Eurovision Song Contest by numbers: Who votes for who?
Saturday will see the 65th edition of the Eurovision Song Contest take place, with 39 nations voting for their favourite performance.
We’ve looked back at the last 20 contests, from 2000 to 2019, for clues about how this year’s final will pan out, scaling the number of points earned to match the current voting system.
Let’s start by looking at how events normally unfold. As the number of participating countries has varied widely over the last two decades – from as low as 23 in 2001, up to the 43 that competed in 2018 – we’ve focused on the nations who have performed in at least 15 of the last 20 contests.
The average scorecard for the 11 nations that clear our bar of 15 performances would have Russia at the top, followed by Sweden and then Ukraine. In addition to triumphing in 2008, the Russians have finished in the top three a further eight times, so they shouldn’t be written off despite their entry not being considered likely to be the Eurovision 2021 winner.
Ukraine’s typically strong showings are perhaps more relevant this year, given that they are among the favourites in the Eurovision odds at 15/2. They’ve garnered an average of seven points from each voting nation across their 15 entries since 2000, finishing two contests as winners and a further two as runners-up.
Dead last among our 11 regular performers is the UK, which has received a paltry average of just 2.2 points out of a possible 24 from each other nation. It is easy to see why the British entry is a 100/1 outsider yet again this time around.
Interestingly, France are currently second favourites in the Eurovision odds at 7/2 , but it would require a historically strong performance for them to come out on top. French entries have fared almost as poorly as British ones in recent years.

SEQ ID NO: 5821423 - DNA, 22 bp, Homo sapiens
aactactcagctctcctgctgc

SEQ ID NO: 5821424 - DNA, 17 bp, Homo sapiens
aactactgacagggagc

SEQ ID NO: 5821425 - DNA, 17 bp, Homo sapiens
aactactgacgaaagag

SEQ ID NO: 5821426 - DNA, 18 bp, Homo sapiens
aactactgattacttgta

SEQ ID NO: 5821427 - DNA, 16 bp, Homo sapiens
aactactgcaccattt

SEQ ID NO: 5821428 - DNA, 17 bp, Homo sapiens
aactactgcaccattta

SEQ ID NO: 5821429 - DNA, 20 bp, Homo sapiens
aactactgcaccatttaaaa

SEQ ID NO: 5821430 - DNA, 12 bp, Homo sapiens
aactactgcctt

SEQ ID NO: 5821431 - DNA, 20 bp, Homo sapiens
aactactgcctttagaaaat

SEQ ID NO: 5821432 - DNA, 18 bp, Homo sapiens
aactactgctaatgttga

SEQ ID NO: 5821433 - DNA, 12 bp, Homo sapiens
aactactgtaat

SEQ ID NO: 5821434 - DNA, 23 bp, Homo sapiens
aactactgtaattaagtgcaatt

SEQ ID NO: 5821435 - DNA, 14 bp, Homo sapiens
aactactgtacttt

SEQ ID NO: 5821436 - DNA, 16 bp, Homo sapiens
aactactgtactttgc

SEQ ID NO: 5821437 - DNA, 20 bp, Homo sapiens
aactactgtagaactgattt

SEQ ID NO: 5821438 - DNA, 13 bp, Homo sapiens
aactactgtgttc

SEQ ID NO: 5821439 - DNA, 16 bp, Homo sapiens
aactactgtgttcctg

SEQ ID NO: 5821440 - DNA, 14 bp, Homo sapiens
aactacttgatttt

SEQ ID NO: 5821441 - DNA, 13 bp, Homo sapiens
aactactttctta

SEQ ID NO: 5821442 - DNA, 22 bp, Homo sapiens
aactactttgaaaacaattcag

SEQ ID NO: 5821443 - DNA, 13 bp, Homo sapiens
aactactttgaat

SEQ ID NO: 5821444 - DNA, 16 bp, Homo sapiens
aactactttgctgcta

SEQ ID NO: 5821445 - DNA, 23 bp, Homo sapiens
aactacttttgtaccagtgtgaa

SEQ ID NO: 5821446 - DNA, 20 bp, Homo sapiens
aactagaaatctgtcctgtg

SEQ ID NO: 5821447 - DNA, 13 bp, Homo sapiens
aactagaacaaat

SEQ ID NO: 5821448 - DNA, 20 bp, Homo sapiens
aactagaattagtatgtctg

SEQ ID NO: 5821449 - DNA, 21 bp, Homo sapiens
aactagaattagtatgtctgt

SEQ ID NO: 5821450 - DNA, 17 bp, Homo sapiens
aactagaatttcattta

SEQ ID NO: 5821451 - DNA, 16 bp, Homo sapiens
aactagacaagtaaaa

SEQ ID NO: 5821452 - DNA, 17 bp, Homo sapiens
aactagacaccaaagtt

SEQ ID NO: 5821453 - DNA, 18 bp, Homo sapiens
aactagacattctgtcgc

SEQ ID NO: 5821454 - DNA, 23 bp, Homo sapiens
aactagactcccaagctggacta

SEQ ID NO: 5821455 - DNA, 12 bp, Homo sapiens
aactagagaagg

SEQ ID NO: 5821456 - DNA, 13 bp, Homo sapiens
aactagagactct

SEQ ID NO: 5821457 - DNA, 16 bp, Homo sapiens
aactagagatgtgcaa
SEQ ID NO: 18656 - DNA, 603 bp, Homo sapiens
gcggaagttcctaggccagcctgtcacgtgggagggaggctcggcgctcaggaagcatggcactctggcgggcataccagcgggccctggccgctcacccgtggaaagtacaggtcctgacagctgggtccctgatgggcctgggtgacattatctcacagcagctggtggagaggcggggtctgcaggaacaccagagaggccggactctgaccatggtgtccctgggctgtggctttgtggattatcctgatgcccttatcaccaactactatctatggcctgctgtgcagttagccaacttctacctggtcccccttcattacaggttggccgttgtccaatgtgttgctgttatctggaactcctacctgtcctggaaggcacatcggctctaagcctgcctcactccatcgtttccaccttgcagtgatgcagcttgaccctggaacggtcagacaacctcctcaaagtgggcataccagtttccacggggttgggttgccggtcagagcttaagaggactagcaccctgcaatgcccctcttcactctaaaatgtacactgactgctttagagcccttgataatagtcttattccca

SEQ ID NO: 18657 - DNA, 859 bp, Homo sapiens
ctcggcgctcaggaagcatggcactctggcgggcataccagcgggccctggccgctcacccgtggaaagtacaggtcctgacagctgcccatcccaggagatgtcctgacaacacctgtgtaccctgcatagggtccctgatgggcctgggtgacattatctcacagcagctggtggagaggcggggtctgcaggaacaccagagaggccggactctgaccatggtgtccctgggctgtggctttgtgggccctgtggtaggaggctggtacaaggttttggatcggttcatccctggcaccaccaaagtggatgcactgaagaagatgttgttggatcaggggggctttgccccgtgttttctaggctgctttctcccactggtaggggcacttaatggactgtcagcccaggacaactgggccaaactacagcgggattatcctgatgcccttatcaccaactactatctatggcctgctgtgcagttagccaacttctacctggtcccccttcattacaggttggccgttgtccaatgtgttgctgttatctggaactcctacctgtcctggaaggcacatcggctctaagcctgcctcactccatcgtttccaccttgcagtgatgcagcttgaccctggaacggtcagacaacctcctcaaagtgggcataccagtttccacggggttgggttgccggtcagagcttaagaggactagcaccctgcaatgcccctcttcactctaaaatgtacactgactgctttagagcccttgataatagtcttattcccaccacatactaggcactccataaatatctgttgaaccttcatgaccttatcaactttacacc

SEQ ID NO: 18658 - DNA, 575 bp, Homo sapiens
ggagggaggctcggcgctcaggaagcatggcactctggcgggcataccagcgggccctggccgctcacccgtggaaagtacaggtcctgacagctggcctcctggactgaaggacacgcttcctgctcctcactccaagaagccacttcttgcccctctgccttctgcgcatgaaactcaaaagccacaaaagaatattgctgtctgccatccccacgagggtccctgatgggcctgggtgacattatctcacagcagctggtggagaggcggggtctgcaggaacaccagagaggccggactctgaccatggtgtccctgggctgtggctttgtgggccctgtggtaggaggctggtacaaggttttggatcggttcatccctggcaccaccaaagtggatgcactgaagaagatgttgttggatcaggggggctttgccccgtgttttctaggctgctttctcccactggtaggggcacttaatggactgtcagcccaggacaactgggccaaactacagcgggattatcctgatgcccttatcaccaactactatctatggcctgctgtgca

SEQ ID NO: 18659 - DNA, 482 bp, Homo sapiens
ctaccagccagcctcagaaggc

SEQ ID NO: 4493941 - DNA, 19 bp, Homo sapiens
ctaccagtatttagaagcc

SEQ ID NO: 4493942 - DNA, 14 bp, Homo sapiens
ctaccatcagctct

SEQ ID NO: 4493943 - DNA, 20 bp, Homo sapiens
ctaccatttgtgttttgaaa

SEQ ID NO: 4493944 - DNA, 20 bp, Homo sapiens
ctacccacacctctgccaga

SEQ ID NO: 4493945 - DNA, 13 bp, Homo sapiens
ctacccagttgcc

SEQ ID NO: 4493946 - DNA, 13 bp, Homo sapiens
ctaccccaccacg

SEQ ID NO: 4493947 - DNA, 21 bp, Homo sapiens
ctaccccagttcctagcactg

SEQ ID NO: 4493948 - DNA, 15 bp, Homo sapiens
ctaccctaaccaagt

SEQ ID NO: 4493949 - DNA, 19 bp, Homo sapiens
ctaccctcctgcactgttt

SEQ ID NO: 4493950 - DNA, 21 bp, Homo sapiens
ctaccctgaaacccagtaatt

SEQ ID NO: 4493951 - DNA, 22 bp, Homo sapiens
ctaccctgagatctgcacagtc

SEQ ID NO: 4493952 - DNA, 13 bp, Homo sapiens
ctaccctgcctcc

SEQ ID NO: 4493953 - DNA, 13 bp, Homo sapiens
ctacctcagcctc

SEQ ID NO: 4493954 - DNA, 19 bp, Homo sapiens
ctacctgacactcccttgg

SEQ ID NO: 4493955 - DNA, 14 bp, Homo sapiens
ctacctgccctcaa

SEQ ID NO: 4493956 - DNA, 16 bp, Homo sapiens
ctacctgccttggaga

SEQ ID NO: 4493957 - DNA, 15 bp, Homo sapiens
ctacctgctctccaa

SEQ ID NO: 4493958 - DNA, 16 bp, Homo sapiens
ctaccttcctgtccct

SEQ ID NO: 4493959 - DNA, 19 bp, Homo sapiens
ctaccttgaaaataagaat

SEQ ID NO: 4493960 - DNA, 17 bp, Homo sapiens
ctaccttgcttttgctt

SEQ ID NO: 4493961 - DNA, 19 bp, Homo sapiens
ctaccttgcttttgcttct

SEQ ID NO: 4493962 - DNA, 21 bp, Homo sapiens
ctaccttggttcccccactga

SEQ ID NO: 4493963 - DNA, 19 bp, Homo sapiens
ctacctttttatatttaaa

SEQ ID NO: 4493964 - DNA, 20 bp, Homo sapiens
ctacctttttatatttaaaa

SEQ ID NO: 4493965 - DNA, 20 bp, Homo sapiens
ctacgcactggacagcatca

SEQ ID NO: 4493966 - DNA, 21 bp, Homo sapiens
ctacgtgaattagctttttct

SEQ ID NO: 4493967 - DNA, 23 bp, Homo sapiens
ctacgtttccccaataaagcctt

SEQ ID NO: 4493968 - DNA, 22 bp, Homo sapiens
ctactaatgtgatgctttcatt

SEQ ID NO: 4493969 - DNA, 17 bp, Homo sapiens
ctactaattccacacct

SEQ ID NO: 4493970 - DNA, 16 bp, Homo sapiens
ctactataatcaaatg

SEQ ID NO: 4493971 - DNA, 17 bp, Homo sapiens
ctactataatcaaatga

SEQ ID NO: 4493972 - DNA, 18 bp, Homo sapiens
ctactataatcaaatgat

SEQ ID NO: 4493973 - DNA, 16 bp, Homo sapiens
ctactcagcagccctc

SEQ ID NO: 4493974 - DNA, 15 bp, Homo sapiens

Where could UK votes come from?
While the UK aren’t likely to finish the 2021 contest as winners, the dreaded “nul points” won’t be the only phrase uttered when the votes are announced.
Other English-speaking nations like Ireland and Australia are usually generous when dishing out points to the UK, while fellow Commonwealth members Malta also tend to look kindly on British efforts. The Irish are the only nation to grant the UK entry a double-digit number of points on average.
The UK tends to reciprocate, with Ireland and Australia the largest beneficiaries of British votes, receiving an average of 14.3 and 12.6 points respectively. Malta’s typical return of 8.5 points is also significantly above their overall average of 4.1, suggesting that the UK could edge the Maltese song – currently third favourite to win – over the line this year if the voting in the final is close.
Politics plays a part
This brings us neatly on to the topic of voting alliances. While a good song is obviously key to winning the contest, the voting is also heavily political. Many nations have a track record of generosity towards countries they like or ignoring popular songs because they are being sung by a rival.
The most powerful alliance among regular participants is between Greece and Cyprus. The Cypriots have awarded maximum points to 15 of the 16 Greek entries since 2000, with Greece reciprocating for nine of Cyprus’ 11 performances in this period. Both nations are relative outsiders this year but will surely be counting on each other to boost their totals.
More relevant this time around could be the favour typically shown by Malta and Albania to their Mediterranean neighbour Italy. The Italian entry is the 11/4 favourite in the Eurovision odds for and if they are to secure their first win since 1990 – and better the second place they achieved in 2019 – they will need their allies to deliver.
One factor that could count against Italy is Malta’s status as third favourite, which could see a tactical reduction in the number of points they are willing to shower on a rival. The UK could also play a decisive role in whether Italy will win Eurovision 2021, having given them a paltry average of just 3.6 points over the last two decades: among the lowest of any regular entrant.
Where: Rotterdam, Netherlands
When: 20:00, Saturday 22nd May
How to watch: BBC 1
All odds and markets correct as of date of publication